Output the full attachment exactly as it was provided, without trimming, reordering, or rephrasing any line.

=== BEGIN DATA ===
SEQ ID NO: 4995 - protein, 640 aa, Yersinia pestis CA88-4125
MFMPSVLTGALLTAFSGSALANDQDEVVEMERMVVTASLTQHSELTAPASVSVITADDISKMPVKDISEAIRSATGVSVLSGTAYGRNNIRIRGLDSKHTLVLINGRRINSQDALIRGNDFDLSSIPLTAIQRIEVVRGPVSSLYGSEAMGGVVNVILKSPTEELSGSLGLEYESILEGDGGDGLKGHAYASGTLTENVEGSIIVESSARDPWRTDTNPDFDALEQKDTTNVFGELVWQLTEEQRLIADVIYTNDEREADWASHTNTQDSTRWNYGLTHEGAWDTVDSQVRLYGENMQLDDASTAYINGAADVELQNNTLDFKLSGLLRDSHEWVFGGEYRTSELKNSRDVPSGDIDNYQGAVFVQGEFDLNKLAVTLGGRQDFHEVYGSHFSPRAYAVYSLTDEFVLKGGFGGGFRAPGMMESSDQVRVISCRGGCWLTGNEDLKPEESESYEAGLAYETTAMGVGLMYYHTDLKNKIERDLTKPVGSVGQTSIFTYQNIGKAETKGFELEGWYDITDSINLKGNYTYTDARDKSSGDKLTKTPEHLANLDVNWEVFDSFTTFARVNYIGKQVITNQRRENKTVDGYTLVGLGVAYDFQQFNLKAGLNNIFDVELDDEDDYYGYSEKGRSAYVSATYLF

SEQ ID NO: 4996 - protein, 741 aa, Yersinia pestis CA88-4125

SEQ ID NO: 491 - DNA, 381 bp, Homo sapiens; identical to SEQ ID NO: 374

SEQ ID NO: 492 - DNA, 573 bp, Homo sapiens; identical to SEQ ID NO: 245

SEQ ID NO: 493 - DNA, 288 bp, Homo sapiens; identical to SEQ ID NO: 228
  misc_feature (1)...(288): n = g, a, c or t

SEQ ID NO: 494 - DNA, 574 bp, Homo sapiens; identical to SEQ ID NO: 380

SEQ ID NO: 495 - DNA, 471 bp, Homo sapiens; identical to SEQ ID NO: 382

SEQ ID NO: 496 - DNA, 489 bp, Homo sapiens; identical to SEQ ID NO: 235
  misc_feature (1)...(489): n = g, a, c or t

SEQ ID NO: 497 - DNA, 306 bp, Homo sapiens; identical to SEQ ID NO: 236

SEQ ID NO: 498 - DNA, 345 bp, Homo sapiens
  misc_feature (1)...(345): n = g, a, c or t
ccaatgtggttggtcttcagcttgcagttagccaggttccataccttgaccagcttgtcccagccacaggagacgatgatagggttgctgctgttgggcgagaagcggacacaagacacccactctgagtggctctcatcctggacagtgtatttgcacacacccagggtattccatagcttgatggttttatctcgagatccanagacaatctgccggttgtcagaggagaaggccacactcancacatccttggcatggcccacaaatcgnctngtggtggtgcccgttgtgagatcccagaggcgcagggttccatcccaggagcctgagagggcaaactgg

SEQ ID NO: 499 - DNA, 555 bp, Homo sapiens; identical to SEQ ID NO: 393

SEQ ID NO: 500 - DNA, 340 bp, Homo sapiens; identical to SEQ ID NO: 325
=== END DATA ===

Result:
SEQ ID NO: 4995 - protein, 640 aa, Yersinia pestis CA88-4125
MFMPSVLTGALLTAFSGSALANDQDEVVEMERMVVTASLTQHSELTAPASVSVITADDISKMPVKDISEAIRSATGVSVLSGTAYGRNNIRIRGLDSKHTLVLINGRRINSQDALIRGNDFDLSSIPLTAIQRIEVVRGPVSSLYGSEAMGGVVNVILKSPTEELSGSLGLEYESILEGDGGDGLKGHAYASGTLTENVEGSIIVESSARDPWRTDTNPDFDALEQKDTTNVFGELVWQLTEEQRLIADVIYTNDEREADWASHTNTQDSTRWNYGLTHEGAWDTVDSQVRLYGENMQLDDASTAYINGAADVELQNNTLDFKLSGLLRDSHEWVFGGEYRTSELKNSRDVPSGDIDNYQGAVFVQGEFDLNKLAVTLGGRQDFHEVYGSHFSPRAYAVYSLTDEFVLKGGFGGGFRAPGMMESSDQVRVISCRGGCWLTGNEDLKPEESESYEAGLAYETTAMGVGLMYYHTDLKNKIERDLTKPVGSVGQTSIFTYQNIGKAETKGFELEGWYDITDSINLKGNYTYTDARDKSSGDKLTKTPEHLANLDVNWEVFDSFTTFARVNYIGKQVITNQRRENKTVDGYTLVGLGVAYDFQQFNLKAGLNNIFDVELDDEDDYYGYSEKGRSAYVSATYLF

SEQ ID NO: 4996 - protein, 741 aa, Yersinia pestis CA88-4125

SEQ ID NO: 491 - DNA, 381 bp, Homo sapiens; identical to SEQ ID NO: 374

SEQ ID NO: 492 - DNA, 573 bp, Homo sapiens; identical to SEQ ID NO: 245

SEQ ID NO: 493 - DNA, 288 bp, Homo sapiens; identical to SEQ ID NO: 228
  misc_feature (1)...(288): n = g, a, c or t

SEQ ID NO: 494 - DNA, 574 bp, Homo sapiens; identical to SEQ ID NO: 380

SEQ ID NO: 495 - DNA, 471 bp, Homo sapiens; identical to SEQ ID NO: 382

SEQ ID NO: 496 - DNA, 489 bp, Homo sapiens; identical to SEQ ID NO: 235
  misc_feature (1)...(489): n = g, a, c or t

SEQ ID NO: 497 - DNA, 306 bp, Homo sapiens; identical to SEQ ID NO: 236

SEQ ID NO: 498 - DNA, 345 bp, Homo sapiens
  misc_feature (1)...(345): n = g, a, c or t
ccaatgtggttggtcttcagcttgcagttagccaggttccataccttgaccagcttgtcccagccacaggagacgatgatagggttgctgctgttgggcgagaagcggacacaagacacccactctgagtggctctcatcctggacagtgtatttgcacacacccagggtattccatagcttgatggttttatctcgagatccanagacaatctgccggttgtcagaggagaaggccacactcancacatccttggcatggcccacaaatcgnctngtggtggtgcccgttgtgagatcccagaggcgcagggttccatcccaggagcctgagagggcaaactgg

SEQ ID NO: 499 - DNA, 555 bp, Homo sapiens; identical to SEQ ID NO: 393

SEQ ID NO: 500 - DNA, 340 bp, Homo sapiens; identical to SEQ ID NO: 325